Restoring old Optimizer Statistics for troubleshooting purpose

We deliver a Oracle Database 10g (sic!) New Features course this week in our education center in Düsseldorf. Many customers are still on 10g productively and some even just upgrade from 9i to 10g, still being in the process of evaluating 11g. Many new features in the 10g version are related to the optimizer. Some are quite well known to the public, like the obsolence of the rule based optimizer and the presence of a scheduler job that gathers optimizer statistics every night out-of-the-box.

Others lead a more quiet life, one of them is the possibility to restore old optimizer statistics (i.e. as a troubleshooting measure), should there be issues with the newly gathered ones. Since 10g, we do not simply overwrite old optimizer statistics by gathering new. Instead, the old optimizer statistics are automatically historized and kept for one month by default, so that they can be restored easily if that should be desired. Now did you know that? Here we go with a short demonstration of restoring historic optimizer statistics:

SQL> select * from v$version;

BANNER
----------------------------------------------------------------
Oracle Database 10g Enterprise Edition Release 10.2.0.1.0 - Prod
PL/SQL Release 10.2.0.1.0 - Production
CORE    10.2.0.1.0      Production
TNS for Linux: Version 10.2.0.1.0 - Production
NLSRTL Version 10.2.0.1.0 - Production

SQL> grant dba to adam identified by adam;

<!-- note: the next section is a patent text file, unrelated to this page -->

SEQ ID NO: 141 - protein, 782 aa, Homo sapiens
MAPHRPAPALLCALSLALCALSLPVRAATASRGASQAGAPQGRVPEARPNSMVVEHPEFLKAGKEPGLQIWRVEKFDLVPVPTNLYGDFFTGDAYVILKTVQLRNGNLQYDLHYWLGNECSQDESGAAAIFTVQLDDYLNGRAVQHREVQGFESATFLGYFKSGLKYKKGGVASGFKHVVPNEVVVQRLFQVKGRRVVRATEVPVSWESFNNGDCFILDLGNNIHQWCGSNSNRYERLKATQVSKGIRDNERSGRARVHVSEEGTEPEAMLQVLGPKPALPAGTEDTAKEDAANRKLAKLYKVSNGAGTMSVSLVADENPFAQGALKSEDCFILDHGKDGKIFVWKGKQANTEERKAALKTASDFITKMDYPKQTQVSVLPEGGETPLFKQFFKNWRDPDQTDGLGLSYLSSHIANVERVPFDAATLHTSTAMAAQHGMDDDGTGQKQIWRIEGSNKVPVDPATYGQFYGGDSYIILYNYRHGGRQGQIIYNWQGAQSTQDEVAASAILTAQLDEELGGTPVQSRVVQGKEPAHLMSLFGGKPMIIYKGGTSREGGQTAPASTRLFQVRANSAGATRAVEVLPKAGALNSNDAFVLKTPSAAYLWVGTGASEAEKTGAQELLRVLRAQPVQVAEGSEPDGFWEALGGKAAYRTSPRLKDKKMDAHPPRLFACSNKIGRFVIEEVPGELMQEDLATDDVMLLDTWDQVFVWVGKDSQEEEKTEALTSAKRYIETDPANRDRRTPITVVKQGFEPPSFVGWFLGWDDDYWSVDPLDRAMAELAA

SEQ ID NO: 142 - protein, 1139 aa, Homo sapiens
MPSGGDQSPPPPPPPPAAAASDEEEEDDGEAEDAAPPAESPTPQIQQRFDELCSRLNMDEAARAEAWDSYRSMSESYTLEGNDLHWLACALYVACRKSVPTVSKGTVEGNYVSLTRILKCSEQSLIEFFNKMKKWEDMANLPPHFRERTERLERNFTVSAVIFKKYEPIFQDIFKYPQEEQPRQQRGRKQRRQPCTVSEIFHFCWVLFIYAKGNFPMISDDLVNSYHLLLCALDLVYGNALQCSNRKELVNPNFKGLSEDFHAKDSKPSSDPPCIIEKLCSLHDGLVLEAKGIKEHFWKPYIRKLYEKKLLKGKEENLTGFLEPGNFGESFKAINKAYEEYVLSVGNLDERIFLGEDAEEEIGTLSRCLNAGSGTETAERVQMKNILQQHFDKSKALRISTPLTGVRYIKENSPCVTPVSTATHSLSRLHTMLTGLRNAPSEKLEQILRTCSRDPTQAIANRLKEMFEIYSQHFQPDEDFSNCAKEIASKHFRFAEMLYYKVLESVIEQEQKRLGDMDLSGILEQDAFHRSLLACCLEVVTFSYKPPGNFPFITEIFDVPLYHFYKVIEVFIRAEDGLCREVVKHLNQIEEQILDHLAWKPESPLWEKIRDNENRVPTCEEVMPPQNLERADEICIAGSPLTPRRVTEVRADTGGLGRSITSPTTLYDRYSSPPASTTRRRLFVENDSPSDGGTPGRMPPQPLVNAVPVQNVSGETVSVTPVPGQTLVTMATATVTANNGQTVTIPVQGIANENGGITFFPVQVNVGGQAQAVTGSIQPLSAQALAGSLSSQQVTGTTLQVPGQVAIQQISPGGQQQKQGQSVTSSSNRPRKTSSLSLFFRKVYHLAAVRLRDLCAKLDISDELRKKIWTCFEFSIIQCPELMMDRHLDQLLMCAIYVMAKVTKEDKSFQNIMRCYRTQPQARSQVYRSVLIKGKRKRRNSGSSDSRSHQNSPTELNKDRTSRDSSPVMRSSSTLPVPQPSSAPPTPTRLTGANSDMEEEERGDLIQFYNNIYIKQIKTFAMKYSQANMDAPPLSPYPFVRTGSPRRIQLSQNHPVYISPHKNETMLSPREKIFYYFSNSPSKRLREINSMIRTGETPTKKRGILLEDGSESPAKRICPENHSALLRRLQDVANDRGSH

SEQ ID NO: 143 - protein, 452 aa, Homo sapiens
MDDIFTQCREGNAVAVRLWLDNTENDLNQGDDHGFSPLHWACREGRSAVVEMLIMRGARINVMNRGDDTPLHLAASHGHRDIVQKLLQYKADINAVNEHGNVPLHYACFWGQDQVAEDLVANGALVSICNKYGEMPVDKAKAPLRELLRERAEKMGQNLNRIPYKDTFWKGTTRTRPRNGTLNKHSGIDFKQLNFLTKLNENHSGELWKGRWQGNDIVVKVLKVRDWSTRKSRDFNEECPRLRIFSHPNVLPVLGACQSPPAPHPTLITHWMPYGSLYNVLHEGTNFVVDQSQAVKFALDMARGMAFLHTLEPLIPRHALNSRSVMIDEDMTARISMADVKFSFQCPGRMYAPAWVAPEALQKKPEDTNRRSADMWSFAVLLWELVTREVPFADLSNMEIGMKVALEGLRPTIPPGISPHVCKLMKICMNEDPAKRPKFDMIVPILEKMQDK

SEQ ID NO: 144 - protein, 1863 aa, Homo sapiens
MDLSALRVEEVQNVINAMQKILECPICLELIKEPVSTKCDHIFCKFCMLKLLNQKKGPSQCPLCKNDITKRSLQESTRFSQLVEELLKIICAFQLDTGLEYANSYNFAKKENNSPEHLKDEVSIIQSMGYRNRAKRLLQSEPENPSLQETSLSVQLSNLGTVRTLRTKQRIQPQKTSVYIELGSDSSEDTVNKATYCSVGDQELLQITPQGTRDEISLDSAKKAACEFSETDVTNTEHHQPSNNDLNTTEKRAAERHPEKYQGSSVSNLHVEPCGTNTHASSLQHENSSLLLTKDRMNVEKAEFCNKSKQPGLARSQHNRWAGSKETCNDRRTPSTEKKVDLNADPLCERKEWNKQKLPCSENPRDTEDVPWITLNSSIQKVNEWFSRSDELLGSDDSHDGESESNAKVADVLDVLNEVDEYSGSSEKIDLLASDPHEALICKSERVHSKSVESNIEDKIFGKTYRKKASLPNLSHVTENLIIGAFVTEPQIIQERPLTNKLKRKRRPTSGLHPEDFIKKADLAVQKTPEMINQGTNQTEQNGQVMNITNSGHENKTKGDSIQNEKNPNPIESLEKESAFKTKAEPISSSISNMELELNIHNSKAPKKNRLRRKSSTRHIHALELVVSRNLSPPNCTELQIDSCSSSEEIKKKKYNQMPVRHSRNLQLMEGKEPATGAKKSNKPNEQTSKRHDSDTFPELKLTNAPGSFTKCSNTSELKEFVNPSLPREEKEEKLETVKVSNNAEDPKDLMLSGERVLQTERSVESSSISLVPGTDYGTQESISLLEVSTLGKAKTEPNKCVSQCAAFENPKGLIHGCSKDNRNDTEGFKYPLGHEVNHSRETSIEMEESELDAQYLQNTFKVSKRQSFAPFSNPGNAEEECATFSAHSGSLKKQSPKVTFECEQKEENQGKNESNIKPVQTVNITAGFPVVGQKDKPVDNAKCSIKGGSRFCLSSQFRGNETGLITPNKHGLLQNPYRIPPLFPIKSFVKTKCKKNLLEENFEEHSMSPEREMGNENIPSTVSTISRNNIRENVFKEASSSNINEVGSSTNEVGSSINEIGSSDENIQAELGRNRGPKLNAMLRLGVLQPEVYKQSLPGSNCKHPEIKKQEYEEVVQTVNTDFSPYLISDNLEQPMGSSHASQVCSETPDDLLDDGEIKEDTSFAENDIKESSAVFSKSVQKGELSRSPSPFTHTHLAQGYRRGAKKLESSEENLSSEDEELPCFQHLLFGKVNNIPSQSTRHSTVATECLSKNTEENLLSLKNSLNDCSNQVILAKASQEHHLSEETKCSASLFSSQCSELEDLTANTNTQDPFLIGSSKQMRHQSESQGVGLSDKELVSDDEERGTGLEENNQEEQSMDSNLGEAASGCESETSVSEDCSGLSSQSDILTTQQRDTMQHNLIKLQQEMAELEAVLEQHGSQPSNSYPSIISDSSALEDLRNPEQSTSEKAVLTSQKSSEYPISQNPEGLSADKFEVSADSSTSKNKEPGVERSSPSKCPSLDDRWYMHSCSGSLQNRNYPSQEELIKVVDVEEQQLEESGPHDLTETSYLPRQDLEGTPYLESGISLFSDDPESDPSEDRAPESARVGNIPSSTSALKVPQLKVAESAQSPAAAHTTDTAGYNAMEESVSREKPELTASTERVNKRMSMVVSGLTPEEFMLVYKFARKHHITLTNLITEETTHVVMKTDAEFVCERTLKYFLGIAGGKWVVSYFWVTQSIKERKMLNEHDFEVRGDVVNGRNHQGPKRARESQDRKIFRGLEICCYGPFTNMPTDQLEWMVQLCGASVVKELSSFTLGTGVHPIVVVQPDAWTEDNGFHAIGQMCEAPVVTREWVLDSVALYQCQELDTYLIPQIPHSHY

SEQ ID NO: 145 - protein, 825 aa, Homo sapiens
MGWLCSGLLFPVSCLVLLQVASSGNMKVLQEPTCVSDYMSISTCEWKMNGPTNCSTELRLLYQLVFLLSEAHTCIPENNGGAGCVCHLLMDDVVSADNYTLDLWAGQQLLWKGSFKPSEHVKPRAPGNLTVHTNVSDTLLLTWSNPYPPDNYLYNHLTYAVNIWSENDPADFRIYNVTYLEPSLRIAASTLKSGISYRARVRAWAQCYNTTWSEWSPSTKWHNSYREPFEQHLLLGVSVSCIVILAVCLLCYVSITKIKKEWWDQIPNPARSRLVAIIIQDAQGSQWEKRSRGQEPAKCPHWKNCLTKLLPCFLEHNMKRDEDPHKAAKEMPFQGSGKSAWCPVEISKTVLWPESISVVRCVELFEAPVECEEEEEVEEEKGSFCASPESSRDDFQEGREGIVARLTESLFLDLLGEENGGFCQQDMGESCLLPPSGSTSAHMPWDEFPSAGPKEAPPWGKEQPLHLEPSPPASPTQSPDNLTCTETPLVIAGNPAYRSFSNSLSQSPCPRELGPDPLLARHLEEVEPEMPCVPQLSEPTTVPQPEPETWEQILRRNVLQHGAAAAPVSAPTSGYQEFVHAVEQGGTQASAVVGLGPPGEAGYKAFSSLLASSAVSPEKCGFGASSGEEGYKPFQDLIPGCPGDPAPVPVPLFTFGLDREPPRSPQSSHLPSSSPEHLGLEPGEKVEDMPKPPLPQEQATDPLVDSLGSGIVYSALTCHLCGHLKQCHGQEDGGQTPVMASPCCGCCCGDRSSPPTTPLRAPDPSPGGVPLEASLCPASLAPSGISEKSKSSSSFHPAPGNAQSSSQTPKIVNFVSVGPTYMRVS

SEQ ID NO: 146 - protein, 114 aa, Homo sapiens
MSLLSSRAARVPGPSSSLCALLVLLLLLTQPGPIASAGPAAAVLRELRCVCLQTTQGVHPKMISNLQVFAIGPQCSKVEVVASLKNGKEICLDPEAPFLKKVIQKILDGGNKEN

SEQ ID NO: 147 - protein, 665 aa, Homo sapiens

Grant succeeded.

SQL> connect adam/adam
Connected.

SQL> create table sales as select
rownum as id,
mod(rownum,5) as channel_id,
mod(rownum,1000) as cust_id,
5000 as amount_sold,
sysdate as time_id
from dual connect by level<=3e7;
Table created.

SQL> create index sales_idx on sales(id) nologging;
Index created.

SQL> select segment_name,bytes/1024/1024 as mb from user_segments;

SEGMENT_NAME                     MB
------------------------ ----------
SALES                           942
SALES_IDX                       566

I just created a demo user, a table and an index on that table. Notice that the two segments take about 1.5 Gig space, should you like to reproduce the demo yourself. Right now, there are no optimizer statistics for the table:

SQL> select num_rows,blocks from user_tables;

 NUM_ROWS     BLOCKS
---------- ----------
"NULL values here"

I am now going to gather statistics on the table manually – the same would be done automatically by the standard scheduler job during the night:

SQL> exec dbms_stats.gather_table_stats('ADAM','SALES')

PL/SQL procedure successfully completed.

SQL> select num_rows,blocks from user_tables;

 NUM_ROWS     BLOCKS
---------- ----------
 29933962     119585

SQL> select count(*) from sales;

 COUNT(*)
----------
 30000000

As we can see, the statistics are quite accurate, reflecting well the actual size of the table. The index is used for the following query, as we can tell by runtime already:

SQL> set timing on
SQL> select amount_sold from sales where id=4711;

AMOUNT_SOLD
-----------
 5000

Elapsed: 00:00:00.00

I am now going to introduce a problem with the optimizer statistics artificially by just setting them very inaccurate. A real-world problem that is caused by new optimizer statistics is a little harder to come up with – probably you will never encounter it during your career…

SQL> exec dbms_stats.set_table_stats('ADAM','SALES',numrows=>100,numblks=>1)

PL/SQL procedure successfully completed.

SQL> select num_rows,blocks from user_tables;

 NUM_ROWS     BLOCKS
---------- ----------
 100          1